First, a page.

Think about it!

When the angels had returned to heaven, the shepherds said to each other, “Let’s go to Bethlehem! Let’s see this thing that has happened, which the Lord has told us about.”

16 They hurried to the village and found Mary and Joseph. And there was the baby, lying in the manger. 17 After seeing him, the shepherds told everyone what had happened and what the angel had said to them about this child. 18 All who heard the shepherds’ story were astonished, 19 but Mary kept all these things in her heart and thought about them often. 20 The shepherds went back to their flocks, glorifying and praising God for all they had heard and seen. It was just as the angel had told them. – Luke 2:15-20


German Nativity Decoration in the Window Sill of our Kitchen

It’s the only venue at which I have been interrupted in the middle of a sermon…by applause! Two hundred men, all wearing white, many smelling of tobacco, or long-worn perspiration-soaked clothes sat in the pews of the chapel of the medium-security prison. Our choir had performed portions of our cantata for them and I was preaching. When I mentioned the passage in Revelation that says, “Its gates will never be closed,” (Revelation 21:25) I asked, “How does that sound to you?” There was immediate and thunderous applause. I don’t think it was my preaching that was the object of their applause. I’m certain it was the idea of an open-door eternity.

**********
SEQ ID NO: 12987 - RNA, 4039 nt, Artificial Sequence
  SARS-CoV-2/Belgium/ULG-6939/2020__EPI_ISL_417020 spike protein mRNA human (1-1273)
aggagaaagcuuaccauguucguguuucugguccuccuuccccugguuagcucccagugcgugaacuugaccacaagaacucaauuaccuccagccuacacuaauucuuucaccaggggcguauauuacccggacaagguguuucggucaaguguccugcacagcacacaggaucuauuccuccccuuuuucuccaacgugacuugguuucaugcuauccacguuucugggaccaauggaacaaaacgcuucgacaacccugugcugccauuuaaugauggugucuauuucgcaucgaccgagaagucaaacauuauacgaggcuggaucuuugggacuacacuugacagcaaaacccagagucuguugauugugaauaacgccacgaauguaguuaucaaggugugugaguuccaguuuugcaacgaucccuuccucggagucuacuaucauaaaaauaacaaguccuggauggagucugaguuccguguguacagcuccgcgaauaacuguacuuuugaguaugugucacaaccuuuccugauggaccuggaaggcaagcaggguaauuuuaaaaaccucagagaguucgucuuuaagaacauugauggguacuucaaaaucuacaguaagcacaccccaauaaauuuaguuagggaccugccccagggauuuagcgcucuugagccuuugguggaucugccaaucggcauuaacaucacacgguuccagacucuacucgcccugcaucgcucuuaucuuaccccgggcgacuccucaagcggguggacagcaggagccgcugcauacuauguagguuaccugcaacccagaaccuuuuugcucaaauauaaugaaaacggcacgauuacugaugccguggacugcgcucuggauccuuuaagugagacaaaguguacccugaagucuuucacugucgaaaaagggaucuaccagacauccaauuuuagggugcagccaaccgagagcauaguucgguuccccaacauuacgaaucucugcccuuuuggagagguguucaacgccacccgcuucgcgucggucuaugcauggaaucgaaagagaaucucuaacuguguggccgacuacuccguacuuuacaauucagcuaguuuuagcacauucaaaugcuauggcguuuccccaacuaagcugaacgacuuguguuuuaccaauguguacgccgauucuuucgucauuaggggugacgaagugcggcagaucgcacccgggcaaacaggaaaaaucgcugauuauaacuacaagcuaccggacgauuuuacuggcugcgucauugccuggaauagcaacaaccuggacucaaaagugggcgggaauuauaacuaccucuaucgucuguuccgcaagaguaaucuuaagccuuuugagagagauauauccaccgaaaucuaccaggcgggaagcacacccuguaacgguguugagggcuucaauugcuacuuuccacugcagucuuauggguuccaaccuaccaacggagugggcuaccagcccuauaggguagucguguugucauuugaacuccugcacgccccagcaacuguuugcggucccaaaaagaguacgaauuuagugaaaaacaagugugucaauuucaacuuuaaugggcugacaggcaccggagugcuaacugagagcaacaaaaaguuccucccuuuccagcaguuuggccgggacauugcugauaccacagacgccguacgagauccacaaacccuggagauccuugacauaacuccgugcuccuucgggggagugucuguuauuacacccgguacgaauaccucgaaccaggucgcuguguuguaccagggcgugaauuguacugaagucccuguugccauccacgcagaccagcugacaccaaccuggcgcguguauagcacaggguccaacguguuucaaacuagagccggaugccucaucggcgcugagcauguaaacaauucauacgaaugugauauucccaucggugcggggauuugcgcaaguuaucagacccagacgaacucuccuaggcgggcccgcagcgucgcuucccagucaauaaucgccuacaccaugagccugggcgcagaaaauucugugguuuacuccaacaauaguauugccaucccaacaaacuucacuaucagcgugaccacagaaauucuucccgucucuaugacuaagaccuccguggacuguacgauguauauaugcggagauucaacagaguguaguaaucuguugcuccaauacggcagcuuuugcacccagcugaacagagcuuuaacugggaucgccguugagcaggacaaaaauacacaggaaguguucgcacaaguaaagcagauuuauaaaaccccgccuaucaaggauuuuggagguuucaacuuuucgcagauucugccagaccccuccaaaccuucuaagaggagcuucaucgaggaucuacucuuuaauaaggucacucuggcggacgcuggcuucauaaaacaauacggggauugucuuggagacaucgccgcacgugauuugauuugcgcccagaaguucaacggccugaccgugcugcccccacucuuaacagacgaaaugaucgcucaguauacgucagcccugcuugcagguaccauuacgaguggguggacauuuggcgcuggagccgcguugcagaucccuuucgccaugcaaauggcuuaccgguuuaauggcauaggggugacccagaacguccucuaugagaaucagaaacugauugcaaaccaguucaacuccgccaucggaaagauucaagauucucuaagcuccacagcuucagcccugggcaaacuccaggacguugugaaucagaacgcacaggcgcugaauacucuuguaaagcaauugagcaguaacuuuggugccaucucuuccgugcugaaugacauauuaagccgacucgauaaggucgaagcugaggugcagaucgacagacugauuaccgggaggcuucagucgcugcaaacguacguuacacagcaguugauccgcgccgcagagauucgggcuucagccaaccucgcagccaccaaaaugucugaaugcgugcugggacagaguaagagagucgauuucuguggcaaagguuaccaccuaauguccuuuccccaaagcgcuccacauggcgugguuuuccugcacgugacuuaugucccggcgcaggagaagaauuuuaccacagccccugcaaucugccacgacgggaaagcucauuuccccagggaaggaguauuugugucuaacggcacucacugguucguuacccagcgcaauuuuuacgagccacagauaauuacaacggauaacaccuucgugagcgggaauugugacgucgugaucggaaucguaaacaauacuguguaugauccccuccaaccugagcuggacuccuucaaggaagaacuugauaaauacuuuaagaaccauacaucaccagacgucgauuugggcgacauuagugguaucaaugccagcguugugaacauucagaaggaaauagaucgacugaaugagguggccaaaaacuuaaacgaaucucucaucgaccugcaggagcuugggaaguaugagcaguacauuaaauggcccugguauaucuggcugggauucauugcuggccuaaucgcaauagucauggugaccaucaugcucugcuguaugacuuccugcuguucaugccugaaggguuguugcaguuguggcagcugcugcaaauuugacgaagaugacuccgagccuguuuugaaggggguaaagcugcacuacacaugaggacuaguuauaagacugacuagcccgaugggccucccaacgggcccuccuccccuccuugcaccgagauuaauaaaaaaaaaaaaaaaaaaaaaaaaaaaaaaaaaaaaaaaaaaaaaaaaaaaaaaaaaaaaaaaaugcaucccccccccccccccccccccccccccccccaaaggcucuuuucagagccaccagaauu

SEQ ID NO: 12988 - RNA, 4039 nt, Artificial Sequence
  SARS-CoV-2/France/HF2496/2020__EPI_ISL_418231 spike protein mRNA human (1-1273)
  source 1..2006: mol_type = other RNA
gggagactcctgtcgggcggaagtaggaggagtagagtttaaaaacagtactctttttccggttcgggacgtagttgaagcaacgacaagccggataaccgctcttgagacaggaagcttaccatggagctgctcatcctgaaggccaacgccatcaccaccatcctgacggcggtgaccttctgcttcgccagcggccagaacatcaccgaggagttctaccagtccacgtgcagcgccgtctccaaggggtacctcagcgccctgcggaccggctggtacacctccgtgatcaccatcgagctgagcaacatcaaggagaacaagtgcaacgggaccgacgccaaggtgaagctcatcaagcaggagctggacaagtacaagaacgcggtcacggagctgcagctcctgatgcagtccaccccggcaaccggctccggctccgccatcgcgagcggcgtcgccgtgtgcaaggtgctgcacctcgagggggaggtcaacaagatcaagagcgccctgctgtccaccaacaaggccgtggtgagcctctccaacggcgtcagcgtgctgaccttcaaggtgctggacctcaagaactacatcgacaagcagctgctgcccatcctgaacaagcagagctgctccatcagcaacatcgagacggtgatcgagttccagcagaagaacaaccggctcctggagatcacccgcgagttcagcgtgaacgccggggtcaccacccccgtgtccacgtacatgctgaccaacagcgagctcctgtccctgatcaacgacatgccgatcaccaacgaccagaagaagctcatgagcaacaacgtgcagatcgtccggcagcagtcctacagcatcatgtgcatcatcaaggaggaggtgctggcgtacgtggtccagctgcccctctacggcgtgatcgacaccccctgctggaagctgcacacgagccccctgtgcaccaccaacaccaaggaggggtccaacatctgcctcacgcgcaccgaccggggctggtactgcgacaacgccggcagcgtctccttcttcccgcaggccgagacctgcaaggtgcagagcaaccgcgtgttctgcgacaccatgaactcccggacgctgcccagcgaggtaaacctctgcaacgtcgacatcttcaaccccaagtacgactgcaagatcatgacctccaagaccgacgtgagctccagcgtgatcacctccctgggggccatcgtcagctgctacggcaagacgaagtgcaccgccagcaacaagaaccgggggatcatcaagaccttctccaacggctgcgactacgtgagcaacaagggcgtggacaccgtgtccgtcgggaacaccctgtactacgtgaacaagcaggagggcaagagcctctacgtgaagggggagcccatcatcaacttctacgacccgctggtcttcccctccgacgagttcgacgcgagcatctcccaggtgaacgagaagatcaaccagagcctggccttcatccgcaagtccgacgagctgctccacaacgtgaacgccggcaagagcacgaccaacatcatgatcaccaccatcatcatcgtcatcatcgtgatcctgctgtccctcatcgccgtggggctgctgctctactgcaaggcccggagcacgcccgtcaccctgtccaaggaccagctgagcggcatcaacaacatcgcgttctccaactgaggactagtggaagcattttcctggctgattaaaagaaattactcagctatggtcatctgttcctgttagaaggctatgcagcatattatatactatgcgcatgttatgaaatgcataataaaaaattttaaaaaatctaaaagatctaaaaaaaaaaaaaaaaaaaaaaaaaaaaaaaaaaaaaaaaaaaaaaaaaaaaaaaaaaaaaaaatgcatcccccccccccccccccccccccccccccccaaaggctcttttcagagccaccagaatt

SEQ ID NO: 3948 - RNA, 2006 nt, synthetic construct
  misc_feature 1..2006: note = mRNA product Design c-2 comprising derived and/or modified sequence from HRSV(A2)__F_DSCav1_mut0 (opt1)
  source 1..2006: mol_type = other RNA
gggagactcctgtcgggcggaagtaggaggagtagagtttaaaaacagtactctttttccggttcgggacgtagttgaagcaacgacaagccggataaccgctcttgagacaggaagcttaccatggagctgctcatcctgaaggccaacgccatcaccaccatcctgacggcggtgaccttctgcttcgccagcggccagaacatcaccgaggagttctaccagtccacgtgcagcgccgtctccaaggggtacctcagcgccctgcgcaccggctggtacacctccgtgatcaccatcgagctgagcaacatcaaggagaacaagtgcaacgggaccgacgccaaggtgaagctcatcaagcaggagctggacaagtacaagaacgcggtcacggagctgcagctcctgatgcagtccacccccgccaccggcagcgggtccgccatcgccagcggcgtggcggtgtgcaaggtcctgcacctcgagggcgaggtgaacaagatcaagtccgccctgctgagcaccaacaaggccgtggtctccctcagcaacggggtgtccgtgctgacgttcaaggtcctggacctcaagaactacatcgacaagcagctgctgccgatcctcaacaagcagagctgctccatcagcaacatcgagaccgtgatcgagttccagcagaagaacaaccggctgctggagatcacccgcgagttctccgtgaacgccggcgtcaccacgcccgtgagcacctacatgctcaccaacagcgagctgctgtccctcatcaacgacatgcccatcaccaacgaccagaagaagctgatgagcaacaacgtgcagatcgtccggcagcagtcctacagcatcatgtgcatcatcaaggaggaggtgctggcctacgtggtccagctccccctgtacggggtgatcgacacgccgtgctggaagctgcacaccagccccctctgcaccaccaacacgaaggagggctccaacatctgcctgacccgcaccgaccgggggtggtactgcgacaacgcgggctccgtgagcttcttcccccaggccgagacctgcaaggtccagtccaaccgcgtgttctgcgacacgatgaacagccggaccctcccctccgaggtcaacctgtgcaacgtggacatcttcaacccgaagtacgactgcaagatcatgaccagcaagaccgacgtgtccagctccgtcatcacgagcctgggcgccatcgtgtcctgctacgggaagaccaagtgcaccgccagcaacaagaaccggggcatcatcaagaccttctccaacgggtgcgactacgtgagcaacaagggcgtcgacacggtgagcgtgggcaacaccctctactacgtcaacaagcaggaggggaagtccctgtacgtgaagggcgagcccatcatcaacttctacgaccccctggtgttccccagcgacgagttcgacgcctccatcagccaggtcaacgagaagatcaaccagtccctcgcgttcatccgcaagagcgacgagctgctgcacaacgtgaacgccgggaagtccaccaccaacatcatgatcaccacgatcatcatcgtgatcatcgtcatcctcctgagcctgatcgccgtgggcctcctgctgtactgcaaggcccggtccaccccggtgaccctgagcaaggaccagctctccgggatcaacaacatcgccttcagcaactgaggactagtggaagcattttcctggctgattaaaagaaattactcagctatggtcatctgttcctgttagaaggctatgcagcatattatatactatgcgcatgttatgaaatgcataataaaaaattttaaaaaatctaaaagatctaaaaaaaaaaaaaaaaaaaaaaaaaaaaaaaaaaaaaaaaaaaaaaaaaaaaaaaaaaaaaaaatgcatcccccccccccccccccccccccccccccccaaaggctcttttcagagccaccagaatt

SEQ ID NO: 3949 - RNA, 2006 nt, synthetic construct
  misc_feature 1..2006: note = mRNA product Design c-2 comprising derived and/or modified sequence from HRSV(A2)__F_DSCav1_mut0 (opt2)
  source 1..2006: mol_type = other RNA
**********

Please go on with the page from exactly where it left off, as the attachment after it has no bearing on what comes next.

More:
During the entire sermon that night one man sat in the front row. He was bigger than life and had a manner of authority when he spoke. Several times he nearly shouted, “Think about it!” Think about it indeed. It is good for us to recognize how great a blessing God has given us in saving us. It is worth, perhaps, even breaking into applause when we recognize the enormity and richness of God’s blessings. We’ll seldom do that, however, unless we think about it. 

Mary takes the lead here. She kept the events of that night in her heart and thought about them often. Certainly she has an upper hand in this. She had given birth. She had been visited by shepherds. She had been told, I’m sure, about the angels’ announcement. She had experienced earth-shattering history. It would stand to reason that she thought about it often. 

We have not had that same experience. Though some of us may recall dramatic intrusions of God, none of us have borne the savior of the world. But we have seen God’s hand in our lives. Perhaps it’s an answered prayer. It could be a relief of pain or healing of illness. Some have had a personal encounter with God – hearing him speak in words as plain as day. It could also be a lifelong experience of knowing Jesus and believing in him.

It may be that we cannot point to a dramatic event, but we can point to the witness of God’s word, and the experiences of others who bear witness to God’s faithfulness, goodness, love, and salvation. In any case we may also ponder in our hearts. We can think about what it means that Jesus has come and redeemed us.

To that end, I appreciate the explanation to the 2nd article of the Apostles’ Creed, which says:

I believe that Jesus Christ is true God, begotten of the Father from eternity, and also true man, born of the virgin Mary; and that He is my Lord, Who has redeemed me, a lost and condemned creature, purchased and won me from all sins, from death and from the power of the devil; not with gold or silver, but with His holy, precious blood, and with His inno­cent suffering and death; in order that I might be His own, live under Him in His kingdom, and serve Him in everlasting righteousness, innocence and blessedness; even as He is risen from the dead, lives and reigns to all eternity. This is most certainly true.

(Luther’s Small Catechism)

That’s a lot to think about!

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